A mystery album has fallen into my possession. The photos suggest it belonged to a wealthy, well-travelled but thus far unidentified family. No doubt Puffins will help me to solve the puzzle but first, two near century-old Velox prints from the Stockton and Darlington Railway centenary beg the telling of an interesting story.
LNER No.2563 started life as an A1 4-6-2 Pacific. Designed by Sir Nigel Gresley and built in Doncaster in 1924, No.2563 was named ‘William Whitelaw’ after the chairman of the newly grouped London and North Eastern Railway. Rebuilt as an A3 in November 1942, in British Rail ownership it was renumbered as 60064 and withdrawn from service in September 1962.
None of the A1/A3s has survived into preservation other than celebrity 4472 Flying Scotsman (later renumbered 60103). 4472 has been restored and was in steam as recently as the 22nd August 2021 when it traversed the Settle to Carlisle railway hauling The Waverley from York to the Border City.
So much for the A1/A3s and 2563 but what of William Whitelaw the man? Another interesting story, best started with a disambiguation. The William Whitelaw in question was the grandfather of Viscount Whitelaw, Mrs Thatcher’s one time Home Secretary and Deputy Prime Minister who was affectionately known as ‘Willie’.
A long line of landed Whitelaws of Gartshore in Dumbartonshire served in Parliament and worked in industry. How so? Their ancestor, Alexander Whitelaw was born in 1823, two years before the maiden run of George Stephenson’s Locomotion No.1 on the Stockton and Darlington Railway. In 1859 he married into trade, his wife being Barbara Forbes Lockhart of the William Bairds and Company coal and iron dynasty.
Alexander Whitelaw was Conservative Member of Parliament for Glasgow between 1874 and his death in 1879. His second son, Graeme (1863-1928), was Conservative MP for North West Lanarkshire.
William (1868-1946), his third son, was briefly Tory MP for Perth after completing his education at Harrow and Trinity College, Cambridge. Away from politics, he was a director and then Chairman of the Highland Railway, Chairman of the North British Railway and, when the NBR, HR and others were grouped together in 1923, the chairman of the newly created parent company, the London and North Eastern Railway. He was also the paternal grandparent of Willie, his son being William Alexander Whitelaw, Willie’s father.
Regular readers might recall being bored senseless by (en route to an iron ore mine in Arctic Sweden) the tale of half of my family fortune being wasted on an investment in the Rothbury Railway, one of the Duke of Northumberland and my ancestor’s more over-optimistic get rich quick schemes.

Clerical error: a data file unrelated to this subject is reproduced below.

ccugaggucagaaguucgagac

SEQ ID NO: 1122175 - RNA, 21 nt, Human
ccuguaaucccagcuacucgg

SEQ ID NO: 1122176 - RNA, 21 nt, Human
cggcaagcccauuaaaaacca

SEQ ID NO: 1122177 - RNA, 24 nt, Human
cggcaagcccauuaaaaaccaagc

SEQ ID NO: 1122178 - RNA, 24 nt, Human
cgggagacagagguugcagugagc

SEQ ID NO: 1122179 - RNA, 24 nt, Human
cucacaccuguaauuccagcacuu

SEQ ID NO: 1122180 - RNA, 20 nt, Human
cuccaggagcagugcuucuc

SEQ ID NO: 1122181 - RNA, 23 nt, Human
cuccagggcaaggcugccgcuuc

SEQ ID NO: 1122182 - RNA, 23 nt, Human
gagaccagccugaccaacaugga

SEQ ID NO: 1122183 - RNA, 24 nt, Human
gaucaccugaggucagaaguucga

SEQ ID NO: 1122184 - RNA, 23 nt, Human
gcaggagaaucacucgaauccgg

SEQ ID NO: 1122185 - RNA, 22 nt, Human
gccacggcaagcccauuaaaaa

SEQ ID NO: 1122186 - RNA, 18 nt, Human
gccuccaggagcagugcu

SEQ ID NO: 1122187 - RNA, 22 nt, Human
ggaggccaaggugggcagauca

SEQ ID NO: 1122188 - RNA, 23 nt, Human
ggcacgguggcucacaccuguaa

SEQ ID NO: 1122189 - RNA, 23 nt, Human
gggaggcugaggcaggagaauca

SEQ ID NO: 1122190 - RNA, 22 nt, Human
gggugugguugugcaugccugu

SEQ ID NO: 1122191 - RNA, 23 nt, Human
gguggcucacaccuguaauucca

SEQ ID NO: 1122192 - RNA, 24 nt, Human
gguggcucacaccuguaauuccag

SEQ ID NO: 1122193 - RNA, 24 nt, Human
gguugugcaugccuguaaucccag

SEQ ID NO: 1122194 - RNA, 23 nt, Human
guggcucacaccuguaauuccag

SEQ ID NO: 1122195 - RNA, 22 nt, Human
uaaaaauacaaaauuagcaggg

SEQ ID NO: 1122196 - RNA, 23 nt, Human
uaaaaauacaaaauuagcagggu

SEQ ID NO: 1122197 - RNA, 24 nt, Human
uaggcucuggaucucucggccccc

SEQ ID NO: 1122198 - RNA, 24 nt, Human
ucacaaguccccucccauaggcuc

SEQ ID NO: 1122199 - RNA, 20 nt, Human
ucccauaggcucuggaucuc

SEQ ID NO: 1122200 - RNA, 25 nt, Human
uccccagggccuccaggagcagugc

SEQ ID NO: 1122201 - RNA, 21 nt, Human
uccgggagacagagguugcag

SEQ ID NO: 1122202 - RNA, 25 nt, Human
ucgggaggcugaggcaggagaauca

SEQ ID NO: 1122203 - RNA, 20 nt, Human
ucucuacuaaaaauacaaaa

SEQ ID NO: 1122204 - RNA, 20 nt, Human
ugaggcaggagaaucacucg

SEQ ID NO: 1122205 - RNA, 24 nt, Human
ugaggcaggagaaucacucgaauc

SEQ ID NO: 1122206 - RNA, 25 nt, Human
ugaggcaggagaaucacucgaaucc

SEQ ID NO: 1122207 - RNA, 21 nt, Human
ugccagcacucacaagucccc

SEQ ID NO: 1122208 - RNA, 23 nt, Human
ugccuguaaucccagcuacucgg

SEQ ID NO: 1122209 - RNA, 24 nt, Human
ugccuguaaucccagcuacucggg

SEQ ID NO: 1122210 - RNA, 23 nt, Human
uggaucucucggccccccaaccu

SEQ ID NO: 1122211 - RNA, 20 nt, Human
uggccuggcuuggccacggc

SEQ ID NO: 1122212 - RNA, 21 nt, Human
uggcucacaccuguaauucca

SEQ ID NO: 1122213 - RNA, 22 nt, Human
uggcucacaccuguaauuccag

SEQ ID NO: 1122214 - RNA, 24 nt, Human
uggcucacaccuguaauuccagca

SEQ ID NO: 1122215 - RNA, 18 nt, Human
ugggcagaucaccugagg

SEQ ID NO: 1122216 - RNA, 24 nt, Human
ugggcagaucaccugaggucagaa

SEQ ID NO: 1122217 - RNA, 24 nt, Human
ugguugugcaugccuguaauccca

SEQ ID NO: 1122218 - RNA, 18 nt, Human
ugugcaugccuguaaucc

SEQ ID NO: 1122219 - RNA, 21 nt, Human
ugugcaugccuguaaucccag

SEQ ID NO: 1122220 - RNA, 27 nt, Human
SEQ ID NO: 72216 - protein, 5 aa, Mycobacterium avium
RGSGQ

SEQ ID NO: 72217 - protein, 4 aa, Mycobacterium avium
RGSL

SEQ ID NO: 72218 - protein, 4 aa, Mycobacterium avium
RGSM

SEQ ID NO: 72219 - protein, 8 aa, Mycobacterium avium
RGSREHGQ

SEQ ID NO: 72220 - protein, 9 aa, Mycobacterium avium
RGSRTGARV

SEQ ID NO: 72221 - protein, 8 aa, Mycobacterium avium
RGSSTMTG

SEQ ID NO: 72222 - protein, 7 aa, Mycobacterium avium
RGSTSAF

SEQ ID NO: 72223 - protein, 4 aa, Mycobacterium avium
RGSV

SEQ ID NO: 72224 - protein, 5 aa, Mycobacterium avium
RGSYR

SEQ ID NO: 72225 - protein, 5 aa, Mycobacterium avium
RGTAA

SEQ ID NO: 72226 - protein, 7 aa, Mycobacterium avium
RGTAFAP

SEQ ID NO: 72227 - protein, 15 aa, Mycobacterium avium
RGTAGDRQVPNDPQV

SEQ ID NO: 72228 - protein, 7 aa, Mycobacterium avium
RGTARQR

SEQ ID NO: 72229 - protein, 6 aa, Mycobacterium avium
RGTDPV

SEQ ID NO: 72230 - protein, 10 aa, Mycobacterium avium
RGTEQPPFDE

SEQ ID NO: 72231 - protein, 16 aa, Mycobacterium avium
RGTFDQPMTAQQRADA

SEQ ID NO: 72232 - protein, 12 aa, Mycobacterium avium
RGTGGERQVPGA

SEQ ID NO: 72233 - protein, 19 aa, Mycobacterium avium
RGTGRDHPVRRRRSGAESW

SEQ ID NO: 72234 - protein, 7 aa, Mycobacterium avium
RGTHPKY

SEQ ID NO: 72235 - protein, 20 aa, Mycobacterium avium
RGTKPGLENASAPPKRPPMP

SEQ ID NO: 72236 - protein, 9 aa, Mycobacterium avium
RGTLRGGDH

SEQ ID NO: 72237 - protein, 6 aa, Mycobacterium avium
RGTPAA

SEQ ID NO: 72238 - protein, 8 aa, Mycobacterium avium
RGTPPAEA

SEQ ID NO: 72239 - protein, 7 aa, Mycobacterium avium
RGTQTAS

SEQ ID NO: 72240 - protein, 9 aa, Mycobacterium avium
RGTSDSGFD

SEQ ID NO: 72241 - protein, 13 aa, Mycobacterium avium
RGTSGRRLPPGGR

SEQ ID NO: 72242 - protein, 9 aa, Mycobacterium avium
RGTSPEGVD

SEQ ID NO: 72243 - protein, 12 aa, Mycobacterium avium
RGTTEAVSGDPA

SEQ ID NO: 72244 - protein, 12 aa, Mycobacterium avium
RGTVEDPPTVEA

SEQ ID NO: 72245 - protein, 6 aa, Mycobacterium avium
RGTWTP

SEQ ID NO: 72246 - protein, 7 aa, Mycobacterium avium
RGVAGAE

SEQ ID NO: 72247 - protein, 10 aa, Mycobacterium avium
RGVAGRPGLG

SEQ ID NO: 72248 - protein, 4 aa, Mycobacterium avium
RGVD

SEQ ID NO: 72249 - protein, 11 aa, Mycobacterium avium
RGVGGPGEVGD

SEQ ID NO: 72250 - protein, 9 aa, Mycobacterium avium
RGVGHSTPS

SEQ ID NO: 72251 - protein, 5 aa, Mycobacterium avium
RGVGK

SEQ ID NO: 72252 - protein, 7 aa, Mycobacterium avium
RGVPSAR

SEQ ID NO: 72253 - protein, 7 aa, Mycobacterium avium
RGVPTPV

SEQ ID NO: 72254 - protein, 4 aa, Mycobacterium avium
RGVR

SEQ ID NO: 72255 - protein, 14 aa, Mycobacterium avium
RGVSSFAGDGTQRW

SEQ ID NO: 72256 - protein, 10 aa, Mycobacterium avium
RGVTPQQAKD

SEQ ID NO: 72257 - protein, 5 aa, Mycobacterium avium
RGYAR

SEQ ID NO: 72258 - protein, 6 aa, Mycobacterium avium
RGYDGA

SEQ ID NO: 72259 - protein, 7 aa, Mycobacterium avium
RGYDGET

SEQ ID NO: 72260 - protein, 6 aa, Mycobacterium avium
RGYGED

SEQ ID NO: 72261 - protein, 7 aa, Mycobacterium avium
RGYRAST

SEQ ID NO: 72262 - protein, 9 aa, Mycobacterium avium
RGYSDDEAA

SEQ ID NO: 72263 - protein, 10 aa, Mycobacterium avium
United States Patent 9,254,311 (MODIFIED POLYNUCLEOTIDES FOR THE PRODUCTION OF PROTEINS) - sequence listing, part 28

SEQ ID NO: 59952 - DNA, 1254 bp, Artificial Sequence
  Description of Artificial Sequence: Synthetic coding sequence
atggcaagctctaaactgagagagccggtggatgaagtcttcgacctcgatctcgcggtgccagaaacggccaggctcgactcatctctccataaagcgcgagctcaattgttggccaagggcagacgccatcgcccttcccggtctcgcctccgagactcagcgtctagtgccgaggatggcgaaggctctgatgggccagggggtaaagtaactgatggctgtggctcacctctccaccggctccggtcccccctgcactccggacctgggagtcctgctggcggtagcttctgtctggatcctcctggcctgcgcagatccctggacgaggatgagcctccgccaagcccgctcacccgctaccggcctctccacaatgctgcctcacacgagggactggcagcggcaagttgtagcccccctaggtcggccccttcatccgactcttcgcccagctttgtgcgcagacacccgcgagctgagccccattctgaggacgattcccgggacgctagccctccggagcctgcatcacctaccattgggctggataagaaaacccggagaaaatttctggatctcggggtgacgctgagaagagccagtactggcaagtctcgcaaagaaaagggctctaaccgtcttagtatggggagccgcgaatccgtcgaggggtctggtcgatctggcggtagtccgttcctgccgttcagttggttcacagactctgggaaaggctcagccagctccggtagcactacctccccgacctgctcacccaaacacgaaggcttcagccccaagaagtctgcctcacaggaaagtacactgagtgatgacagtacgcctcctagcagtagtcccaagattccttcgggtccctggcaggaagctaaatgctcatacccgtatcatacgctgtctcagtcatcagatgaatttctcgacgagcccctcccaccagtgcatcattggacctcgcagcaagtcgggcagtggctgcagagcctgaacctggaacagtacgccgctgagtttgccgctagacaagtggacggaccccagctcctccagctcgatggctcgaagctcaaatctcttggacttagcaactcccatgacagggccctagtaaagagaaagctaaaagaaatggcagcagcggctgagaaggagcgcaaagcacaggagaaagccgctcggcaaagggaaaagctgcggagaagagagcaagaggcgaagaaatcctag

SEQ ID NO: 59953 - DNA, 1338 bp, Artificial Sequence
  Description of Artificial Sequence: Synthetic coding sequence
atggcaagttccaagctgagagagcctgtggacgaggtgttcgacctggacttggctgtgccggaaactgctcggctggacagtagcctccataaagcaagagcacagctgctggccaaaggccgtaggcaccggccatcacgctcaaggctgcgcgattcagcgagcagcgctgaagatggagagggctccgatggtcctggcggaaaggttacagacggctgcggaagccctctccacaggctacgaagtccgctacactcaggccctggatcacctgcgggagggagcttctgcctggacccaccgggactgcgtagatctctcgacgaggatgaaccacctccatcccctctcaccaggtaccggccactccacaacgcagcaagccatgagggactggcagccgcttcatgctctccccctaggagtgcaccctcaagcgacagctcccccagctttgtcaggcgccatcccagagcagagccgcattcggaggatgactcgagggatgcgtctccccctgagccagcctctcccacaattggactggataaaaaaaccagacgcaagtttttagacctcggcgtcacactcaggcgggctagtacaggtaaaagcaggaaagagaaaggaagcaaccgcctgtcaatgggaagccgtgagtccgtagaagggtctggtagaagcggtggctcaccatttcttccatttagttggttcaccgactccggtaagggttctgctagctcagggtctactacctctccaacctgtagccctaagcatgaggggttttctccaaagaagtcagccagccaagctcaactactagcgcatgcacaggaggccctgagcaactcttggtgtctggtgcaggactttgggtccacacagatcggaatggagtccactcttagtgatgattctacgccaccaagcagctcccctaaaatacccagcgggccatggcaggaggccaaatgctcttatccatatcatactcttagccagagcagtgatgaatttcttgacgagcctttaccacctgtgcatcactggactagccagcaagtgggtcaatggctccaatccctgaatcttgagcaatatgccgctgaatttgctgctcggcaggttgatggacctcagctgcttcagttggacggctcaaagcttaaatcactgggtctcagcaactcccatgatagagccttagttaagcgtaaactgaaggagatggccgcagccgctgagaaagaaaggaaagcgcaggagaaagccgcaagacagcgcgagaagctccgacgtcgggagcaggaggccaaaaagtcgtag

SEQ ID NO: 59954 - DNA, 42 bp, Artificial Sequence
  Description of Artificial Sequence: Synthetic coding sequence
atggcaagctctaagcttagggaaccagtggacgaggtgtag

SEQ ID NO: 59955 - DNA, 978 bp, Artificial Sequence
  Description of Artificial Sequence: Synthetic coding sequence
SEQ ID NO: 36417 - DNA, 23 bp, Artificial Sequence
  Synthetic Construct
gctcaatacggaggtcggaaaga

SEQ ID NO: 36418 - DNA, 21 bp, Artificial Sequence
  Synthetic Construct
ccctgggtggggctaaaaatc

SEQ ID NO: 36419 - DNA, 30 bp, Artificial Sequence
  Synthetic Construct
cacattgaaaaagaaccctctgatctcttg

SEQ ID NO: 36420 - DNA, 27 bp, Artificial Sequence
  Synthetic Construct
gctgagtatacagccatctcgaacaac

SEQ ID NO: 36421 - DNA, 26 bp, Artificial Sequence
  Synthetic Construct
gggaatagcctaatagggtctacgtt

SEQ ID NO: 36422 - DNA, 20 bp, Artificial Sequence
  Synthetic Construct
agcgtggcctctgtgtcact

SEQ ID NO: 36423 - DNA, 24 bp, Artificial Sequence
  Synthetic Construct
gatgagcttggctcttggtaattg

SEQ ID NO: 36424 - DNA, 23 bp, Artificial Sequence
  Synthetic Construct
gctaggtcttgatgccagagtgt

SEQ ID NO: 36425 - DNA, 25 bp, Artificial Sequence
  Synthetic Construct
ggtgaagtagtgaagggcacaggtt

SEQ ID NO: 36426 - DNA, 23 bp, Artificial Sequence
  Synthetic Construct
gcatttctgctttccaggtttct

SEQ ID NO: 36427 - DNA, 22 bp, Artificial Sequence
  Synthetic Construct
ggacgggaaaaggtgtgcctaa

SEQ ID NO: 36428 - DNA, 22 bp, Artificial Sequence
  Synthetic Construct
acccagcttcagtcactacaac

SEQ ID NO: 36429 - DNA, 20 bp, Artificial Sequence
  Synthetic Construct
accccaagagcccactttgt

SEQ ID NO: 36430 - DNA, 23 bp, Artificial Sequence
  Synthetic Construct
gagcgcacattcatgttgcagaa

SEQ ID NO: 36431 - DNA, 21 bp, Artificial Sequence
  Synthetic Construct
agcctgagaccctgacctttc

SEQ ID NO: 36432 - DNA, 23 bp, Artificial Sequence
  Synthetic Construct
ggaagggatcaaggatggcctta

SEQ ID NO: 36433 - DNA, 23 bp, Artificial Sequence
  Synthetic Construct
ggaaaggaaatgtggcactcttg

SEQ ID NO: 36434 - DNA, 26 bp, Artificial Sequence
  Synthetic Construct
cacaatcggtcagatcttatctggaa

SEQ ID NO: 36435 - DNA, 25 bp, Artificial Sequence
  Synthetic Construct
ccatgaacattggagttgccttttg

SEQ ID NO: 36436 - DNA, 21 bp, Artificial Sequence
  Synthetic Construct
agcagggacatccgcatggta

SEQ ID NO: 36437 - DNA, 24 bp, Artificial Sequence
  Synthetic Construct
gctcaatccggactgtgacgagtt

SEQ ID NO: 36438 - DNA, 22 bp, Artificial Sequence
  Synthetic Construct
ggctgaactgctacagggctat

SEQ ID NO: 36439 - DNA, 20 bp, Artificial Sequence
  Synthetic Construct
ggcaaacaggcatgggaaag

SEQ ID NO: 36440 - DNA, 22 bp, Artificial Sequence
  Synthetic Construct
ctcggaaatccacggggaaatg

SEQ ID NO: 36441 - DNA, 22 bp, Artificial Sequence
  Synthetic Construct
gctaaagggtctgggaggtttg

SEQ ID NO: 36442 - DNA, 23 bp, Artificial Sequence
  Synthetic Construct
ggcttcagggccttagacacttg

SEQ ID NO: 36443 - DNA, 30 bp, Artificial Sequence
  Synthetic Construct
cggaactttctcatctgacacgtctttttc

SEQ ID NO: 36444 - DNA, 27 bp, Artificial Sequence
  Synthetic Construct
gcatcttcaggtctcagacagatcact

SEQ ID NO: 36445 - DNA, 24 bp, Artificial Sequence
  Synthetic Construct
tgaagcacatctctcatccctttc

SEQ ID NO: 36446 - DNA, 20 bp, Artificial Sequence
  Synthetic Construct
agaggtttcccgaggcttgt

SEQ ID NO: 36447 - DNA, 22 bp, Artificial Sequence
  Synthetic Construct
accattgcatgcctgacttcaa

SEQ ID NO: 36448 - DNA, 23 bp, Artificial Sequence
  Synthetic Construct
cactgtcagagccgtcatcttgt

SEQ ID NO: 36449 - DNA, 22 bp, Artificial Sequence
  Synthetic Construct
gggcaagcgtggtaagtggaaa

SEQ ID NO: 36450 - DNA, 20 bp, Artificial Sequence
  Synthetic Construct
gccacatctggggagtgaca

Sad to say, the other half of our country estate was reduced to clinker by the North British Railway. The silver lining, attached to black smoke billowing from a rickety engine, being correspondence with NBR and subsequent LNER chairman William Whitelaw that sits in an attic deed box beneath my appropriately underused and underfunded model railway.
Even before the First World War had ended, storm clouds were gathering over Britain’s myriad of war-ravaged railway companies. As early as 1918 an ancestor had taken the precaution of joining the Scottish Railway Stockholders Protection Association, chasing after bad money with good by parting with five shillings.
To little avail. The North British stock was replaced with a stake in the LNER which, at the nationalisation of the railways in 1948 after some more war ravaging, was swapped for British Transport 3 Percent Guaranteed Stock. Based on the Government’s 1946 valuation of the companies, at that point our family stake in Britain’s Railways was worth an unimpressive £1 2/6. This investment generated two dividend payments a year of four old pence on which you then had to pay income tax.
As yet further proof that not much changes and gullibility is genetic, your humble author put his pennies into Railtrack when it was privatised in 1994. In the absence of a world war, seven years later the Government invented a new type of torture called ‘Railway Administration Under the Railways Act 1993’ which put yet further distance between myself, a hereditary seat in Parliament and a society introduction benefiting from her own pig-iron works.
The Whitelaws of this world certainly, especially in the early decades of the 20th century, had it better than the rest of us.
Or did they?
Willie Whitelaw’s parents, William Alexander and Helen Winifred Cumine Russel married in St George’s Hanover Square, London on April 14th 1914. All present in the John James designed 1724 Mayfair parish church will have realised war was approaching as the Balkans chuffed towards the precipice.
The bride, known as Winifred, was one of the Russels of Aden. Her father was the late Major General Francis Shirley Russell of Aden, military attache to Berlin between 1899 and 1901 and Member of Parliament for Cheltenham between 1895 and 1900.